In this space, visitors are invited to post any comments, questions, or skeptical observations about Philo T. Farnsworth's contributions to the field of Nuclear Fusion research.Subject: Re: Hirsch visit - energy conservation

Date: Nov 16, 8:47 pm

Poster: Tom LigonOn Nov 16, 8:47 pm, Tom Ligon wrote:

>Richard wrote:

>

>>The particles fall through a potential and acquire energy E and when colliding head on, the net energy is never more than 2E.

>

>Correct. However, since the relative velocity between the two deuterons is TWICE what it would be if one of them was stationary, the collision dynamics, including probability of nuclear fusion, are the same as a collision between a 4E deuteron and a stationary one. Conservation of energy is not violated because, in the latter case, half of the energy is always "wasted" as translational energy of the two particles AFTER the collision. In other words, the fusor's not getting something for nothing...it's just not wasting half of the particle energy like ordinary accelerators do.

>

>Since we are using cross-section data obtained by impacting deuterons onto stationary targets, we should therefore continue to use 4E....(I think!)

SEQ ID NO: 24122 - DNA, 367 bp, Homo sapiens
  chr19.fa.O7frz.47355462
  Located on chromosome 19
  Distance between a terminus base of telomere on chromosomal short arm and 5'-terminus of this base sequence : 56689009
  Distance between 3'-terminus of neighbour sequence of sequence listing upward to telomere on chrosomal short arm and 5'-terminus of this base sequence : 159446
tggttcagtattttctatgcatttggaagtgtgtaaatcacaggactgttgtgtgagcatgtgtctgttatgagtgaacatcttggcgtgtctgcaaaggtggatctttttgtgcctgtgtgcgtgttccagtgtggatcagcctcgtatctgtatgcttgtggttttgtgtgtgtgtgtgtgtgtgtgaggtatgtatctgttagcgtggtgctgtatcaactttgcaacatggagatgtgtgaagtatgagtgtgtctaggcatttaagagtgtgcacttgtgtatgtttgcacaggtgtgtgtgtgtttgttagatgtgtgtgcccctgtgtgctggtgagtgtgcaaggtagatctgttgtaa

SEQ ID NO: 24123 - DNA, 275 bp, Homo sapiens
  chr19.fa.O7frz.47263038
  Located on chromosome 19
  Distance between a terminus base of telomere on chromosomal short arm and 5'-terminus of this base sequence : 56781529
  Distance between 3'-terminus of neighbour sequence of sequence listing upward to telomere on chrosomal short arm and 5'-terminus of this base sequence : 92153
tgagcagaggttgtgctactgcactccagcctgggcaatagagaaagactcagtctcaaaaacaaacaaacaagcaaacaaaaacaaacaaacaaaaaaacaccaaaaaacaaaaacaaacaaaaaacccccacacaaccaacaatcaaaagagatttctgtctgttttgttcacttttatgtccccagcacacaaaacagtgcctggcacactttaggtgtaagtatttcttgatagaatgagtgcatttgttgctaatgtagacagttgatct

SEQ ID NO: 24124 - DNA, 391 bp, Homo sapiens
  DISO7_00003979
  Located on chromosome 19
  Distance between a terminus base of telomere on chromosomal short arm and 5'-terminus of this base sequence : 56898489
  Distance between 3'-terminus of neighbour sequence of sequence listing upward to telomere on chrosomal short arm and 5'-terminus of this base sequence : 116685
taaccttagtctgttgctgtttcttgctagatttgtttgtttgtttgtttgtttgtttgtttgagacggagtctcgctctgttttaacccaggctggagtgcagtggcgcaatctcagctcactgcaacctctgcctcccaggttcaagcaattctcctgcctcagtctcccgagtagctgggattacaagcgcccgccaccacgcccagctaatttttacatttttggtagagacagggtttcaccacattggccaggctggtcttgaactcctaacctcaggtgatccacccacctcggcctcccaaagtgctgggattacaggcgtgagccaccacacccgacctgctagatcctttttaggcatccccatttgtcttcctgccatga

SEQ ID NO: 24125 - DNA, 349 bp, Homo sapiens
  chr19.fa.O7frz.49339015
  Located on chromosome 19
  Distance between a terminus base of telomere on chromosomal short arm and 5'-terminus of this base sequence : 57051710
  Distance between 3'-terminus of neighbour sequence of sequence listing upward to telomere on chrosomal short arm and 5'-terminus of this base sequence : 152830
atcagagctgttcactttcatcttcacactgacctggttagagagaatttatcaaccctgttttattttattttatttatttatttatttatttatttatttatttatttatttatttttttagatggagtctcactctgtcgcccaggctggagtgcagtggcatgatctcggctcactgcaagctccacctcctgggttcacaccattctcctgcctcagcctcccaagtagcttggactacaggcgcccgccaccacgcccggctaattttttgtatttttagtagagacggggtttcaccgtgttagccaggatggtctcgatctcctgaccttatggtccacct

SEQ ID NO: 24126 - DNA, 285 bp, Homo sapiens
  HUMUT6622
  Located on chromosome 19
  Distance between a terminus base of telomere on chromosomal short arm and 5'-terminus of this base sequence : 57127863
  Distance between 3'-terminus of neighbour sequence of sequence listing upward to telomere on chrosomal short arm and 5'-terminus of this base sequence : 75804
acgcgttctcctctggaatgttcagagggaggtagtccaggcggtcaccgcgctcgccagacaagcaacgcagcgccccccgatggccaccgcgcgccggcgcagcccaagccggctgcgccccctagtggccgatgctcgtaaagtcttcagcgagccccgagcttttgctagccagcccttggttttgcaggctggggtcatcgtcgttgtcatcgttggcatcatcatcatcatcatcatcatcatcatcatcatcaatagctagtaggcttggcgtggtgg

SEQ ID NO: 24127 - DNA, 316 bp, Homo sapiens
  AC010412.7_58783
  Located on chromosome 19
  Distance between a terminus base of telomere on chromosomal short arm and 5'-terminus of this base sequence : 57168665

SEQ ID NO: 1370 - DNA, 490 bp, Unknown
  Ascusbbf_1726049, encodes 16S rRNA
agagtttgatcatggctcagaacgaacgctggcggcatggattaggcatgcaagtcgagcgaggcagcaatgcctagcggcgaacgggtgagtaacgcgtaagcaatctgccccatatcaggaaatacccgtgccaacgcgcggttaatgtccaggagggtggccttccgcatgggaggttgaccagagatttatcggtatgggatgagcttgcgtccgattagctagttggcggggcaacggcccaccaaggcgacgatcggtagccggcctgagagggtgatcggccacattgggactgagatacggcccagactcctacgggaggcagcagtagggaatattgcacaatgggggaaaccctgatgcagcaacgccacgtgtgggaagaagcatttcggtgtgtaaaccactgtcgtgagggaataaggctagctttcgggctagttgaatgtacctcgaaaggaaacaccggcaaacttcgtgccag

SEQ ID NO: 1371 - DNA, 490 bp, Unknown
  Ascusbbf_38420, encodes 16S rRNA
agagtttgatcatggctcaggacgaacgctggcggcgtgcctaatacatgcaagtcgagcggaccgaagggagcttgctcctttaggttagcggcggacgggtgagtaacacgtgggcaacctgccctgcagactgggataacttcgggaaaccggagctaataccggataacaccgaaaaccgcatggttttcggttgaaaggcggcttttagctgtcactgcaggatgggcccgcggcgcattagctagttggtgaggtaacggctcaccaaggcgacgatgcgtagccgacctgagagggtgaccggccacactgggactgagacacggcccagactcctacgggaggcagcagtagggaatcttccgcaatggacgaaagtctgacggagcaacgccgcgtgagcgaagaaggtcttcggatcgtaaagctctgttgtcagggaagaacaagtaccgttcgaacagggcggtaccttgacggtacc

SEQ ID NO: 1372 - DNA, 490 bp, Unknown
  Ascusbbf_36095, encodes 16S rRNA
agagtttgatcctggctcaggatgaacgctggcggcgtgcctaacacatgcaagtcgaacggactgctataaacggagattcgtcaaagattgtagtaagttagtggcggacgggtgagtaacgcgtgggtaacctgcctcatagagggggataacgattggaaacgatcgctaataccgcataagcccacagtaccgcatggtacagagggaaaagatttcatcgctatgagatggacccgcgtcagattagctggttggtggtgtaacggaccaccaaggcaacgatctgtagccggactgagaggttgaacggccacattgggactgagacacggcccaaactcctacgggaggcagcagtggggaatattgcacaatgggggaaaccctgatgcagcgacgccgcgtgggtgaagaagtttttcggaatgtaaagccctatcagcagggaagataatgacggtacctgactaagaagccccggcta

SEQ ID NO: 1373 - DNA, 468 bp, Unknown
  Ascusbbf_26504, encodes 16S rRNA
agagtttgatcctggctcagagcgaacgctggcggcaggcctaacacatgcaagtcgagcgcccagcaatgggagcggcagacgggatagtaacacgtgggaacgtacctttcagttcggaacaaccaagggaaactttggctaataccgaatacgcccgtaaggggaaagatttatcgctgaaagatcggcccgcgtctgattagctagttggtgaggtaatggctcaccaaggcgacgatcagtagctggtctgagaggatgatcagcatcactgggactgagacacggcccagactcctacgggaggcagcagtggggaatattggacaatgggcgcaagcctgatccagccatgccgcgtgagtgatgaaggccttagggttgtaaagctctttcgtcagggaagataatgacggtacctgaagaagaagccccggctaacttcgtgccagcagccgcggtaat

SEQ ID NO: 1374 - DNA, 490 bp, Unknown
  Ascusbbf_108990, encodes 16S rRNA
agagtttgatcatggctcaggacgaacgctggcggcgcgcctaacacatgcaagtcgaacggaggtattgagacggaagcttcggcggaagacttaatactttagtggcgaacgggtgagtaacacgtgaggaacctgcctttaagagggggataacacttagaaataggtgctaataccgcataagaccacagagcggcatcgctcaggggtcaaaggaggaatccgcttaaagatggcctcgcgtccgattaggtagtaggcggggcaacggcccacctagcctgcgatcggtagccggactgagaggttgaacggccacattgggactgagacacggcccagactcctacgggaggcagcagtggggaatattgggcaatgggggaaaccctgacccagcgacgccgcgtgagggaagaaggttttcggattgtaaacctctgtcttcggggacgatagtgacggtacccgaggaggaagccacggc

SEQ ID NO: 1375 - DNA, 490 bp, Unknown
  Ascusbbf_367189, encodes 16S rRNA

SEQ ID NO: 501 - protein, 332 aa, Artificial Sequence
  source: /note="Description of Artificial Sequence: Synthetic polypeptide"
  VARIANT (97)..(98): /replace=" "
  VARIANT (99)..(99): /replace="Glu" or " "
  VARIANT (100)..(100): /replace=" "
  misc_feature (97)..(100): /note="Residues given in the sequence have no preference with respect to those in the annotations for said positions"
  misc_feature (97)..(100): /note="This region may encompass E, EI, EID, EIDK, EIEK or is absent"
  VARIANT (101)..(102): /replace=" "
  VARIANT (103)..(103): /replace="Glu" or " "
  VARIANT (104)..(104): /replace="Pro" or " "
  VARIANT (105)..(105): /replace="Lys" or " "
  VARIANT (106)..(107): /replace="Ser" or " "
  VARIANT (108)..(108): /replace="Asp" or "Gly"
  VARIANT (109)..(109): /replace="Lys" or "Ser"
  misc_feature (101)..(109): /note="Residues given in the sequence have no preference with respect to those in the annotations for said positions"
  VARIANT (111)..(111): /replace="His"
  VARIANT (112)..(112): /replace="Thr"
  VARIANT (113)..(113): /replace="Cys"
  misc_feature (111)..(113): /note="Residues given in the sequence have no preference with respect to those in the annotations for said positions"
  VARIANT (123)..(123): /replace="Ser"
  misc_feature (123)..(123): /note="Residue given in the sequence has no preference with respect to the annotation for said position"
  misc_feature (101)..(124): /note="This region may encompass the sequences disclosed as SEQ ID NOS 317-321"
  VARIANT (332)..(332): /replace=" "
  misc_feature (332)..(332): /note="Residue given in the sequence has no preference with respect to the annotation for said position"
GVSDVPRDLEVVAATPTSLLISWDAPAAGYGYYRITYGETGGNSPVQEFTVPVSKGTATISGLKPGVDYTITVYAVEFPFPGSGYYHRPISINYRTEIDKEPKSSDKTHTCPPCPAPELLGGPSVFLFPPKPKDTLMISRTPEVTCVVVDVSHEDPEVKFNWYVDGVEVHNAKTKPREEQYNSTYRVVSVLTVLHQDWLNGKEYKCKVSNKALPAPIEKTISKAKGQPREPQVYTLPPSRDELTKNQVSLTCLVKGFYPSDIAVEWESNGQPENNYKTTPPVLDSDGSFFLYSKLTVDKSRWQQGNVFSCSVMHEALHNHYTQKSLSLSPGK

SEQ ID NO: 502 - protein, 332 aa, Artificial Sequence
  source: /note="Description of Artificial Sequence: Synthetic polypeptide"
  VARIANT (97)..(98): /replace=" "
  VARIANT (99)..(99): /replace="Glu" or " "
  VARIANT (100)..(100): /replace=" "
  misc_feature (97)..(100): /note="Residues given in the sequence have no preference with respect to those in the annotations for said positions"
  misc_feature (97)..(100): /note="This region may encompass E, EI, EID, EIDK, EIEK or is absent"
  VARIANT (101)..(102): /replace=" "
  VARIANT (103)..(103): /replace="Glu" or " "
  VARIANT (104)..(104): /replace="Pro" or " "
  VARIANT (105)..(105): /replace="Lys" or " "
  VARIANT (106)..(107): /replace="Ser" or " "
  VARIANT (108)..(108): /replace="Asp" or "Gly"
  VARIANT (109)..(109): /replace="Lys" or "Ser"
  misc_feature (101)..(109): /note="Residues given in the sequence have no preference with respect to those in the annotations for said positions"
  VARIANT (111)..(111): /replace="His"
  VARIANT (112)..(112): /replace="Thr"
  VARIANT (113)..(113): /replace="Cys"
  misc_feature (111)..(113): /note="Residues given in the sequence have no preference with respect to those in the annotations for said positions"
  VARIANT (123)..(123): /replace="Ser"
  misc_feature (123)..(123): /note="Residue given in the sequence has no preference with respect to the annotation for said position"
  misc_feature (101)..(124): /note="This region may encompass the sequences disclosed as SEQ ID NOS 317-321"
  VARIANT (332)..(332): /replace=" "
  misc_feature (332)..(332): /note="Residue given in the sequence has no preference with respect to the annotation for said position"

>

Scott,

Since the data for collision crossections are derived from accelerator data with stationary targets, they are valid only if one takes one particle and assumes it stationary. The other particle is therefore at twice the velocity in the case of head-on colliding beams.

It is unfortunate that the original data are expressed in terms of kinetic energy, rather than particle velocity or momentum. This leads to this mis-perception that some violation of conservation of energy is at work. In fact, it is a perfect case of conservation of momentum. It is simply that one must look up or calculate the crossection for 4 x kE to do this frame shift.

At 10 keV you should get about 3 millibarns for head-on collision of two deuteriums.

Tom